We’re recently back from visiting Floriade Expo 2022, a ten-yearly international horticulture event taking place in Almere, The Netherlands. I wanted to share this idea from a display in the Natural Pavilion about how the food of the future could be customised to suit our body’s make-up and our individual tastes.
The exhibitors imagined a future where nutrient-producing microbes are grown in controlled bioreactors. High-quality food powders are produced when the microbes are drained, filtered and dried.
“Supermarkets slowly become pharmacies full of powders, capsules and liquids. These deliver high-quality carbohydrates, lipids, proteins, vitamins, fibres and minerals for the basis of each meal. Also available are colourants and aromas. Supermarkets of 2050 provide DNA and health analyses, so everyone knows exactly what their bodies need in order to flourish.” – Floriade 22
Households are equipped with Artificial Intelligence systems that offer unique recipes, tailored to the residents’ bodily needs, preferences and past behaviour. The look, feel, taste, smell and even sound of food can be customised, then prepared by a food printer. The same nutrients can be sweet, spicy or sour; crunchy or creamy; can smell of fruit, honey, bacon or fish; can be bold red or pale green; striped or speckled. Food has become a personal art form.
“New eating tools, rituals, and habits will appear by 2050. Perhaps there will be sensory dice for random recipe-development, or new ways to make meals coordinated or communal. There may be tableware to stop spherical foods from rolling off the table or mouthpieces that enhance your drinking experience.” – Floriade 22
The theorists went on to consider how a completely new food system such as this may affect our bodies, brains and behaviour. Over time, they speculated, stomachs and intestines may shrink, the appendix may disappear, and our jaws and teeth may change.
Floriade’s themes include sustainability, liveability and a hopeful future, and there is plenty to hope for in all this: malnutrition and some common diseases may be eradicated. On the other hand, there was no mention of how our political systems would need to rise to meet scientific advances in food delivery.
How far off are scientists from making any of these predictions come true, I wonder? At what cost, financial and social? Who would hold the intellectual property rights? How, by 2050, could we have the collective will to make sure such a system benefits all? Food for thought, indeed.
40 Replies to “Food For Thought From Floriade 2022”
I’m all in favour of a balanced diet, and sustainability, but this all sounds quite Brave New World. If not 1984.
I like the idea of dialling up the crunchiness and thinness of crisps or being able to specify exactly the right pastry and filling for a pie, but something tells me pies and crisps are not what is being imagined.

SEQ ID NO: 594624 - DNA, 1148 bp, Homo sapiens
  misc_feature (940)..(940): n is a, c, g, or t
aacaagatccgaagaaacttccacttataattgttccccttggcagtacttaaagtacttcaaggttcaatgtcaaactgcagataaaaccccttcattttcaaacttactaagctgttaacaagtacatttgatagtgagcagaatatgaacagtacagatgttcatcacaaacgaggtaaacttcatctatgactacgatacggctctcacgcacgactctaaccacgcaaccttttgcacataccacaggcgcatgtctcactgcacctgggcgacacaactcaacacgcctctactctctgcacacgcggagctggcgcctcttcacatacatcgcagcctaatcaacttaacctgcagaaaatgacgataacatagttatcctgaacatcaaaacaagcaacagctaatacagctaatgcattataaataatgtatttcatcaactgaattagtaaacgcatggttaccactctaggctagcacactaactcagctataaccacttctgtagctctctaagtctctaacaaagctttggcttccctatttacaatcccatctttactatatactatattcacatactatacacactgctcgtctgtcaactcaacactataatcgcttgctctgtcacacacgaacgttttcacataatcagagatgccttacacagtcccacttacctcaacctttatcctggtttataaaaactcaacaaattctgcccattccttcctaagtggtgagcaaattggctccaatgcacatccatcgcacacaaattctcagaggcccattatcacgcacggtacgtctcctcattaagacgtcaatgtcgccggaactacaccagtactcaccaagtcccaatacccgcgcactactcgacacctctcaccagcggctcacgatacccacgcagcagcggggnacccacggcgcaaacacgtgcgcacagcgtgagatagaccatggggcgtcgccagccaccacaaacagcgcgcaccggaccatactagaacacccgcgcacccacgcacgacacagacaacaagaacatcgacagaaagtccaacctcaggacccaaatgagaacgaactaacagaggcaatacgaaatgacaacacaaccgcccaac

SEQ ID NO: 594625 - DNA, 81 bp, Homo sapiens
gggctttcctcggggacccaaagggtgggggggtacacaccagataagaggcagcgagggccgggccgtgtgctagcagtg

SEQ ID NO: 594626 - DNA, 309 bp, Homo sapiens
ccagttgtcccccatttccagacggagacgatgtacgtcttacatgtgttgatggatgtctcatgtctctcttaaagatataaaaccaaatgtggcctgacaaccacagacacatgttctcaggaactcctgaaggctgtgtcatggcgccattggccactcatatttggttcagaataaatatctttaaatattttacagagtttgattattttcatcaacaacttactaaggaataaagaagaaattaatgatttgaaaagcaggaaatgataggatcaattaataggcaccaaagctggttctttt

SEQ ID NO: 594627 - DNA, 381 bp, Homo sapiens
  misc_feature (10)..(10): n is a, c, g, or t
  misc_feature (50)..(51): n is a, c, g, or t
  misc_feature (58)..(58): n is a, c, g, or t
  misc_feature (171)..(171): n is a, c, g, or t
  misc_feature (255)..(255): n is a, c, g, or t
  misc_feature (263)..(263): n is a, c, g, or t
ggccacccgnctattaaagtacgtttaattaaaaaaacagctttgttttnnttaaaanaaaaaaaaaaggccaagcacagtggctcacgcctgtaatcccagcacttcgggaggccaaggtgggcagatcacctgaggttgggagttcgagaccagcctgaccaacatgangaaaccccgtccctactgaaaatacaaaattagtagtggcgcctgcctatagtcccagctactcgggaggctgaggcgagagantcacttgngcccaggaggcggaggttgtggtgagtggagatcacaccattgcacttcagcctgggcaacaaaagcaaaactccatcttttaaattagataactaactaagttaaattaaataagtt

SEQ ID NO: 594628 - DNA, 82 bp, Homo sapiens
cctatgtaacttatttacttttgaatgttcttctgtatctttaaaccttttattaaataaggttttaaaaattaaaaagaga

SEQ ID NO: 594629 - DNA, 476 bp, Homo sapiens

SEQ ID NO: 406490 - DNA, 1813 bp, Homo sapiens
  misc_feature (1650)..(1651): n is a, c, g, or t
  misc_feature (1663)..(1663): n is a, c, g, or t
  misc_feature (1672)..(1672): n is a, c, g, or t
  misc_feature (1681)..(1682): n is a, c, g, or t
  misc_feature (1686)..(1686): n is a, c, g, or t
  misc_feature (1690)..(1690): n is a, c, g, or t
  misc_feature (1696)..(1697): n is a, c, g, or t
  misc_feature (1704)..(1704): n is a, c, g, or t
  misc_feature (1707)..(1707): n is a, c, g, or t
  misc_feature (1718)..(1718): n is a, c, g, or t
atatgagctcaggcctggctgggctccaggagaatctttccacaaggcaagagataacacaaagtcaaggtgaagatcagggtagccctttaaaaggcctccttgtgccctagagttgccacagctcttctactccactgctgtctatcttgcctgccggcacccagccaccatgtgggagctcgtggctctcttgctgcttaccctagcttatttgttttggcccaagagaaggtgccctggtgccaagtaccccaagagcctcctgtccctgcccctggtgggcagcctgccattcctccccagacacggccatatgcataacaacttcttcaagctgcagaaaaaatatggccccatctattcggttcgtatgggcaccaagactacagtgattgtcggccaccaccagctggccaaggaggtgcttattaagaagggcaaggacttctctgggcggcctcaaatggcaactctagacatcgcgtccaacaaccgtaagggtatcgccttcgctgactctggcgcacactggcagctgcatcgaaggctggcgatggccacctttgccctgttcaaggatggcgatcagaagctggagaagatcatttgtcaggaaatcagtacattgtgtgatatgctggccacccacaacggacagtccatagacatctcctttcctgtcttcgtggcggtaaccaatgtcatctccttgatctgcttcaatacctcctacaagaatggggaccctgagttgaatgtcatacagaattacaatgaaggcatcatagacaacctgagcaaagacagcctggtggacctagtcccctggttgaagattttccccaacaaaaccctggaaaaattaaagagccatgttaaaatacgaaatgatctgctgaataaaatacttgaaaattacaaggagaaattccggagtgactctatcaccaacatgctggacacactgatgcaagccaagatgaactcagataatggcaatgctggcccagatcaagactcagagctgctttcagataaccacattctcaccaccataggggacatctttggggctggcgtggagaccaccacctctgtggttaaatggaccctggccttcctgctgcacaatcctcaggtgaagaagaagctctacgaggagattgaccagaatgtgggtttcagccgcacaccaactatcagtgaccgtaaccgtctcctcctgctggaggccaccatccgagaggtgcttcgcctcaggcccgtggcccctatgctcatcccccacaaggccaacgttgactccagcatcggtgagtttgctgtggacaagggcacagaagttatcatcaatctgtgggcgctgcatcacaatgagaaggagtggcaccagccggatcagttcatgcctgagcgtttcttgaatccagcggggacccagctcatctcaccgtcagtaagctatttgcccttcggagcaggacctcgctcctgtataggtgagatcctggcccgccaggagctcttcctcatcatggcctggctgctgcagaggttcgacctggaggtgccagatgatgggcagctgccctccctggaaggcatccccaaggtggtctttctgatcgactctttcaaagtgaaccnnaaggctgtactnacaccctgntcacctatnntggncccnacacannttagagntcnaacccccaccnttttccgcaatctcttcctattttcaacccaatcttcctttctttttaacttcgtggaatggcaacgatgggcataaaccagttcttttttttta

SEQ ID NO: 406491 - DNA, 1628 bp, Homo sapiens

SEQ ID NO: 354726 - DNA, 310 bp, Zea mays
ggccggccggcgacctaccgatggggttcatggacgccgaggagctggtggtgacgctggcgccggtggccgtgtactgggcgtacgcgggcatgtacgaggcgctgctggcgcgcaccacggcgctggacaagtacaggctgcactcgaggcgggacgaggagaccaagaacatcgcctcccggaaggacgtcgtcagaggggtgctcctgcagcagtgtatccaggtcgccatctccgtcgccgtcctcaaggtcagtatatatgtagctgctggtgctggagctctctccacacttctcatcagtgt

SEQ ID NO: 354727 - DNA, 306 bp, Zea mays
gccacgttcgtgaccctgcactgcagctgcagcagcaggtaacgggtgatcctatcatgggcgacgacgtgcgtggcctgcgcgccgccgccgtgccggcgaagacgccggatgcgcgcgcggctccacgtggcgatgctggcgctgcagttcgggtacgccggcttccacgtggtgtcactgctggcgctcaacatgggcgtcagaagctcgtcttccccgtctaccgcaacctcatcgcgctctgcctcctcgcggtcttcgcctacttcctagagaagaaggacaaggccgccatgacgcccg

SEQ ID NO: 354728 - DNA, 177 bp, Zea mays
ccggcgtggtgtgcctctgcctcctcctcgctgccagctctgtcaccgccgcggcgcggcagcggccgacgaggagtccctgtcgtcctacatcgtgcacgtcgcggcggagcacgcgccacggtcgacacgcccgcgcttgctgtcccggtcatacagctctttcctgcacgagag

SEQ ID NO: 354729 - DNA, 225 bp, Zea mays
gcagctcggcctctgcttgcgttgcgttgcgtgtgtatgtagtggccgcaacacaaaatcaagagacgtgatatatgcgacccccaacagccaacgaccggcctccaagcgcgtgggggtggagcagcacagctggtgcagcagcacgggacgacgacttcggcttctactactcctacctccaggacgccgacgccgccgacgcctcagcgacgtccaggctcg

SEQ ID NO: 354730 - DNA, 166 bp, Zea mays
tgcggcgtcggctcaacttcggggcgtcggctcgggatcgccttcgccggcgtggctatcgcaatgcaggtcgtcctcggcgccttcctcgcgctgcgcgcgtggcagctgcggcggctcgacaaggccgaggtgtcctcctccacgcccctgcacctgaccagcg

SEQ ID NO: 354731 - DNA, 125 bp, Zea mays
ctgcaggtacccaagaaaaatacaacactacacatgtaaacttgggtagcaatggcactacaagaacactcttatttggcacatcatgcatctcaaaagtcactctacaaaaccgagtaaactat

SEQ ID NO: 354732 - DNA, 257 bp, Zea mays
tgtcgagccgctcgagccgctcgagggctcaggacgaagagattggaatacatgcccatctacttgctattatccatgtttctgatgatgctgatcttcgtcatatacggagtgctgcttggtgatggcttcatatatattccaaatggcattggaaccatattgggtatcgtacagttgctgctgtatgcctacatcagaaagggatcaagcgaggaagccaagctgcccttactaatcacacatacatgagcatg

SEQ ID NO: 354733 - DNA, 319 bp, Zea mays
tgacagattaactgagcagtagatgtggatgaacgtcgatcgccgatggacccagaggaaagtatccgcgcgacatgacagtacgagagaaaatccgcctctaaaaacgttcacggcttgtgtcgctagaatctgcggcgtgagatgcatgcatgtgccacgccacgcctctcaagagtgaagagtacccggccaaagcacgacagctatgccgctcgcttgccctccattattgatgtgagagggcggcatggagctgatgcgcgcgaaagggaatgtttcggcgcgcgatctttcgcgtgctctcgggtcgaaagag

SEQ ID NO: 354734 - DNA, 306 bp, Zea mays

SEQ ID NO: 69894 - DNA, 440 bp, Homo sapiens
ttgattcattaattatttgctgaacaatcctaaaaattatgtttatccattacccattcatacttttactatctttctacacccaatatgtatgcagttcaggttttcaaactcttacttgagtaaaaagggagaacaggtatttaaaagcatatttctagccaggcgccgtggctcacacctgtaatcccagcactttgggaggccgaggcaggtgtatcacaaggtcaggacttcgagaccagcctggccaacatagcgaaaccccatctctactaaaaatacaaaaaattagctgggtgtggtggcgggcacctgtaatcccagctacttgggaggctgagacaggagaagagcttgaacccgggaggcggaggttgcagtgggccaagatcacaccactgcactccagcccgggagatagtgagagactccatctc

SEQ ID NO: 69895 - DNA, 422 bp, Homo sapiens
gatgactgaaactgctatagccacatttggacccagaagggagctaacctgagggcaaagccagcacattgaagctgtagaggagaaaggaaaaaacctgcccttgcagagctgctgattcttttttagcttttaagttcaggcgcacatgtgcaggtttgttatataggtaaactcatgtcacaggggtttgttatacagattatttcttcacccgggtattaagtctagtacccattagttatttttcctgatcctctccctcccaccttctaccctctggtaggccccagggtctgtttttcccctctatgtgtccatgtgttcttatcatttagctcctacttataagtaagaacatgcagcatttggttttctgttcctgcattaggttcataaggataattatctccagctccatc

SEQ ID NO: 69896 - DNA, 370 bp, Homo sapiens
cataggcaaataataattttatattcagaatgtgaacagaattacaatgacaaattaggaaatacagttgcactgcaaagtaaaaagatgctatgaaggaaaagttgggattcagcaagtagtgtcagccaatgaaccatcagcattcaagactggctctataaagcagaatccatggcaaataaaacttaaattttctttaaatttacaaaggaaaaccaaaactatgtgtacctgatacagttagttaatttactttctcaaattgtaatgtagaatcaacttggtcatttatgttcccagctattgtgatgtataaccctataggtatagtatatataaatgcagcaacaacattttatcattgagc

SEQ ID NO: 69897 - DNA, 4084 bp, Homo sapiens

You could just be right!
This is absolutely fascinating, I am just beginning my preserving journey through this years delights from the farmer’s market. It would be a cosmic shift to get this same joy from producing supper in front of my printer.
A cosmic shift for me too. All sorts of ideas are wrapped up in food, assuming we are lucky enough to have choices. Ideas about provenance, treats, family history, even the little details.
This almost seems to be nothing but science fiction until you consider how technology has already made incredible advancements we never thought we’d see. Food for thought indeed.
I have no doubt some of this is not far off but struggle to see domestic food printers being available at a high spec for all, at an affordable price.
What an unappetising thought
’This evening, Jackie programmed the replicator for…’ does not have the same ring. I feel sure she’d be able to make the best use of one though!
This would make people absolutely dependant on government/companies. I’m sure tahat in that scenario they will make sure that people won’t be able to grow their own natural food. Anyway wright now we have enough dood to feed the whole planet. It’s not the matter of lack of food, but the lack of good will to provide food for everyone who need it. Take a look at your nearest supermarket, how giant diversity of food sits on the shelves and ask yourself is it possible that you, your neighbours will eat all that food in next couple weeks? For me personally, this scenario seems like nightmare. It takes away all the pleasure of preparing and eating real food. I refuse to be fed with artificial “fuel” doesn’t matter how “sustainable” they say it will be.
Many reassurances would surely be needed. I would hope people would always able to grow their own food if they wanted to, but that would require access to a garden of some form, which not everyone has.
Food for thought is right! It does not sound appetizing, but a similar technique seems to have worked on Star Trek, so who knows?
Star Trek came to mind for me too. It could turn out better than my cooking. It would not be too difficult to surpass yesterday evening’s ‘different-tasting’ spicy pasta.
Tee-hee! I have nights like that, too.
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